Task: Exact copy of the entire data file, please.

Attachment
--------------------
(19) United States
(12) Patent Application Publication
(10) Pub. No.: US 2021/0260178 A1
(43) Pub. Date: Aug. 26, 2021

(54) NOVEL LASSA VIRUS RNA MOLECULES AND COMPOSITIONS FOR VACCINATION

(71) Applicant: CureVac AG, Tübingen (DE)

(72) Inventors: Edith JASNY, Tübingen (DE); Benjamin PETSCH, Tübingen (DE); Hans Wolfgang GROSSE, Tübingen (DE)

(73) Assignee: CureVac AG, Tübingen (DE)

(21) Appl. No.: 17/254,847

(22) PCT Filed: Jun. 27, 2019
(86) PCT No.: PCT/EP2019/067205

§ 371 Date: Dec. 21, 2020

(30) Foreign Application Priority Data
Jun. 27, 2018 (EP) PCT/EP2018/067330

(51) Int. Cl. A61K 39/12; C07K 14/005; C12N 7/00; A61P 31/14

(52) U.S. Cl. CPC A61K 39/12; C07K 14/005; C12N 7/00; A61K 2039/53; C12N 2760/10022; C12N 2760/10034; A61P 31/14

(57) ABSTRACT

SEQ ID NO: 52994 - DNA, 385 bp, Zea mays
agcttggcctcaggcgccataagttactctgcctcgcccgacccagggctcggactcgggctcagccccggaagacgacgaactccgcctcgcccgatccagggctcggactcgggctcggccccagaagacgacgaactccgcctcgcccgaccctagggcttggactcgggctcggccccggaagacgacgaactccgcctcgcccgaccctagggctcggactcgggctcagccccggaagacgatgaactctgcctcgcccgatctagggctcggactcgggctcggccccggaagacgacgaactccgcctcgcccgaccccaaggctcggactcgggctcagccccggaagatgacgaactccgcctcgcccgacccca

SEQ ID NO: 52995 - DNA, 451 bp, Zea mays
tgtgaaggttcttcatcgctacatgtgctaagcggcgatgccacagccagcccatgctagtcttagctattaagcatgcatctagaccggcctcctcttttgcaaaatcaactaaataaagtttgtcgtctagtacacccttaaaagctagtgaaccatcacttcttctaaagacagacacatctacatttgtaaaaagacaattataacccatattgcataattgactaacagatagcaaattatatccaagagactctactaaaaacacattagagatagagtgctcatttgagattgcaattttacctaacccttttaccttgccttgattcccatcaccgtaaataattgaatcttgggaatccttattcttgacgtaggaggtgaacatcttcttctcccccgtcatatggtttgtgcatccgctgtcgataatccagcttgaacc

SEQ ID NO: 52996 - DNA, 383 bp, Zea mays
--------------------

(19) United States
(12) Patent Application Publication
(10) Pub. No.: US 2021/0260178 A1
(43) Pub. Date: Aug. 26, 2021

(54) NOVEL LASSA VIRUS RNA MOLECULES AND COMPOSITIONS FOR VACCINATION

(71) Applicant: CureVac AG, Tübingen (DE)

(72) Inventors: Edith JASNY, Tübingen (DE); Benjamin PETSCH, Tübingen (DE); Hans Wolfgang GROSSE, Tübingen (DE)

(73) Assignee: CureVac AG, Tübingen (DE)

(21) Appl. No.: 17/254,847

(22) PCT Filed: Jun. 27, 2019
(86) PCT No.: PCT/EP2019/067205

§ 371 Date: Dec. 21, 2020

(30) Foreign Application Priority Data
Jun. 27, 2018 (EP) PCT/EP2018/067330

(51) Int. Cl. A61K 39/12; C07K 14/005; C12N 7/00; A61P 31/14

(52) U.S. Cl. CPC A61K 39/12; C07K 14/005; C12N 7/00; A61K 2039/53; C12N 2760/10022; C12N 2760/10034; A61P 31/14

(57) ABSTRACT

SEQ ID NO: 52994 - DNA, 385 bp, Zea mays
agcttggcctcaggcgccataagttactctgcctcgcccgacccagggctcggactcgggctcagccccggaagacgacgaactccgcctcgcccgatccagggctcggactcgggctcggccccagaagacgacgaactccgcctcgcccgaccctagggcttggactcgggctcggccccggaagacgacgaactccgcctcgcccgaccctagggctcggactcgggctcagccccggaagacgatgaactctgcctcgcccgatctagggctcggactcgggctcggccccggaagacgacgaactccgcctcgcccgaccccaaggctcggactcgggctcagccccggaagatgacgaactccgcctcgcccgacccca

SEQ ID NO: 52995 - DNA, 451 bp, Zea mays
tgtgaaggttcttcatcgctacatgtgctaagcggcgatgccacagccagcccatgctagtcttagctattaagcatgcatctagaccggcctcctcttttgcaaaatcaactaaataaagtttgtcgtctagtacacccttaaaagctagtgaaccatcacttcttctaaagacagacacatctacatttgtaaaaagacaattataacccatattgcataattgactaacagatagcaaattatatccaagagactctactaaaaacacattagagatagagtgctcatttgagattgcaattttacctaacccttttaccttgccttgattcccatcaccgtaaataattgaatcttgggaatccttattcttgacgtaggaggtgaacatcttcttctcccccgtcatatggtttgtgcatccgctgtcgataatccagcttgaacc

SEQ ID NO: 52996 - DNA, 383 bp, Zea mays